20 Years of Statistical Reports, Visualized #ldsconf

Did you know that, as of December 31, 2014, the church had 3,114 stakes with 29,621 wards and branches? Of course you do: every April during Conference, somebody reads the church’s annual Statistical Report from the prior year.

The thing is, though, that, standing alone, the Statistical Report is so much cocktail party fodder: it’s interesting (because numbers!), but ultimately doesn’t tell us much at all. Put it into some kind of context, though, and suddenly the numbers start to tell a story.

So here’s some context: 

I looked at 20 years of statistical reports, from 1995 to the present.[fn1] I took all of the data (except for the number of temples rededicated) and put it into a spreadsheet.[fn2] I then used that data to graph certain trends over the two decades. And those graphs told a handful of really interesting stories.

The first several graphs are straightforward: I just took the numbers reported by the church and graphed them over time.

20-year membership

The number of members has risen at a relatively steady rate over time; when I left on my mission, the church had nearly 10 million members, and today it’s somewhere north of 15 million.

How does the church grow? Basically, convert baptisms plus baptisms of children born into the church.

20-year baptisms

Over the twenty years, the number of children baptized has risen pretty consistently, while the number of convert baptisms fell and rose; while more children of members were baptized in 2014 than in 1995, the number of converts baptized has just about returned to its 1995 level.[fn3]

Who’s baptizing these new members? Why, the missionaries, of course!

20-year full-time missionaries

 

There’s some rise-and-fall; the church announced it was raising the bar for missionaries in 2002; that seems to correspond to a drop in the number of full-time missionaries. And then the 2012 lowering of missionary ages unsurprisingly corresponds to a huge increase in the number of full-time missionaries.

At the same time, new members have to attend church. Where do they attend?

Wards and Stakes

The number of wards and stakes in the church appear to be rising pretty much in tandem.

So far, though, the story’s not terribly interesting. It becomes fun when we start crunching some numbers. Here’s some of what I ended up with:

20-year converts per missionary

While the number of convert baptisms today is roughly the same as the number 20 years ago, the number of baptisms per missionary has fallen by almost half.

20-year converts percentage membership

Also, while the number of converts has stayed approximately the same, the number of members has grown. As a result, the number of converts baptized each year as a percentage of the total number of members has dropped precipitously. That is, on December 31, 1995, a little more than three of every hundred members had been baptized in the previous 12 months. In 2014, it was under two of every hundred members.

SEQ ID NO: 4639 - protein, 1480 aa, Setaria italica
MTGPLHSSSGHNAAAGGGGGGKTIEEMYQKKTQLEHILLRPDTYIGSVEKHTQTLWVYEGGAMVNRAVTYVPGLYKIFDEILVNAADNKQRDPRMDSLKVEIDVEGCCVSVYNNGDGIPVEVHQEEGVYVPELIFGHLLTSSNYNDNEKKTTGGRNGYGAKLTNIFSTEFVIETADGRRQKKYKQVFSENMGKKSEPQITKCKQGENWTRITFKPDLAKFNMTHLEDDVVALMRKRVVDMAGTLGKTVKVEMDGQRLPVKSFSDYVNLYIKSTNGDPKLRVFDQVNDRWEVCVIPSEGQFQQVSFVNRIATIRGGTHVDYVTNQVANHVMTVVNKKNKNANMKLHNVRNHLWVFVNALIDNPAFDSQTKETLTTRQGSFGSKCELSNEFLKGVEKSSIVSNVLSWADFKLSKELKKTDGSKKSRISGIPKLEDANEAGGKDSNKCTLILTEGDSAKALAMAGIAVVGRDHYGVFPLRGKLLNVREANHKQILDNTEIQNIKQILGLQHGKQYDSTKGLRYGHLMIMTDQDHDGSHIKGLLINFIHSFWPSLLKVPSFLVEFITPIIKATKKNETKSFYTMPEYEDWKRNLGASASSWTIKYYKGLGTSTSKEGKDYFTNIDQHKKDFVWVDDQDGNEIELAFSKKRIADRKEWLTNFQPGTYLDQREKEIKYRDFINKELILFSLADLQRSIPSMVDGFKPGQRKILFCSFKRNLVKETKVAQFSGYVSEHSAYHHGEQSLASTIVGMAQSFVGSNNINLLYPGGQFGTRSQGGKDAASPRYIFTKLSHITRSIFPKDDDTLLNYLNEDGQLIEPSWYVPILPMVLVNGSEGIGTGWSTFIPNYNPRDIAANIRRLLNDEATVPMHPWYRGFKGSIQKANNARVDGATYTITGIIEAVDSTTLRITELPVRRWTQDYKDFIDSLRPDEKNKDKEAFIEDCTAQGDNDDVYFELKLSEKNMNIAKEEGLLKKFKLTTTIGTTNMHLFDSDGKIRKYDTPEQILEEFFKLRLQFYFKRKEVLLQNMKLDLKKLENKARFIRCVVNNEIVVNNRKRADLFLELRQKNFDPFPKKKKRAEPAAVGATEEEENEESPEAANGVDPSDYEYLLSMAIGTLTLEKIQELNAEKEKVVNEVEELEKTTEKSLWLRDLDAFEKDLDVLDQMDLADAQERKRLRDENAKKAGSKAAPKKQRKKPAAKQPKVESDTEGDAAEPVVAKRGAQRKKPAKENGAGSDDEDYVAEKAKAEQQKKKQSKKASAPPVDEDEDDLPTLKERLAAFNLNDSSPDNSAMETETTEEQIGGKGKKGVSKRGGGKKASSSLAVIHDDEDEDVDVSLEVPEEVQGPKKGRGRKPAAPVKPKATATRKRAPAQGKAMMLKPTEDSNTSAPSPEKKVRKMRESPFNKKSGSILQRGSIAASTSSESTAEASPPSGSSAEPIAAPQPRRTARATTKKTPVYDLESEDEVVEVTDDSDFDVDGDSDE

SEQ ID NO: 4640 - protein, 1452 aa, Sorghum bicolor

By way of comparison, though it has pinballed up and down, the number of children who were born into the church as a percentage of the total membership of the church is about the same today as it was 20 years ago.

20-year percentage children of record

 

Finally, the graph that I find most interesting: the percentage of church members serving full-time missions:

20-year percentage of members on mission

If we look at the missionary force as a percentage of church membership, rather than as a raw number, we see that the explosion in the missionary force isn’t actually an explosion; rather, it’s returning us to the proportion of missionaries we had twenty years ago.

Ultimately, these graphs don’t have any substantive religious valence. The truth-claims of the church don’t depend on the number of members, the proportion of new converts, or the proportion of missionaries. Even the expanded information is, in many ways, still a cocktail party conversation. At the same time, though, I find that looking at the trends over time provide a richer, more interesting story, rather than the white noise of a point in time.

[fn1] Why 1995? Two reasons. One is, I left on my mission in the summer of 1995, so it seemed interesting to see how the church had changed since then. The second is, it took enough time to go back 20 years; I didn’t have time for, say, 40.

[fn2] You can download the spreadsheet here.

[fn3] If convert baptisms are roughly flat then how is the church growing at the rate it is? My guess: mortality is down. Members—like everybody else—are living longer than they used to, meaning the the subtraction side of membership counts is getting lower, even while the addition side keeps chugging along.

Comments

  1. John Harrison says:

    The missionary surge didn’t even produce the numbers one would expect (we had two years of a double cohort) and it will subside this fall. I would be very surprised if the numbers do not drop substantially (perhaps to lower levels than before which I would not have guessed at the time) but church leaders say they will continue to climb. I will be interested to hear the numbers announced this time next year and the year after that.

    One would think that the lowered age would make it easier to serve a mission and thus lead to greater participation but the numbers right now would have to be even higher for that to be the case.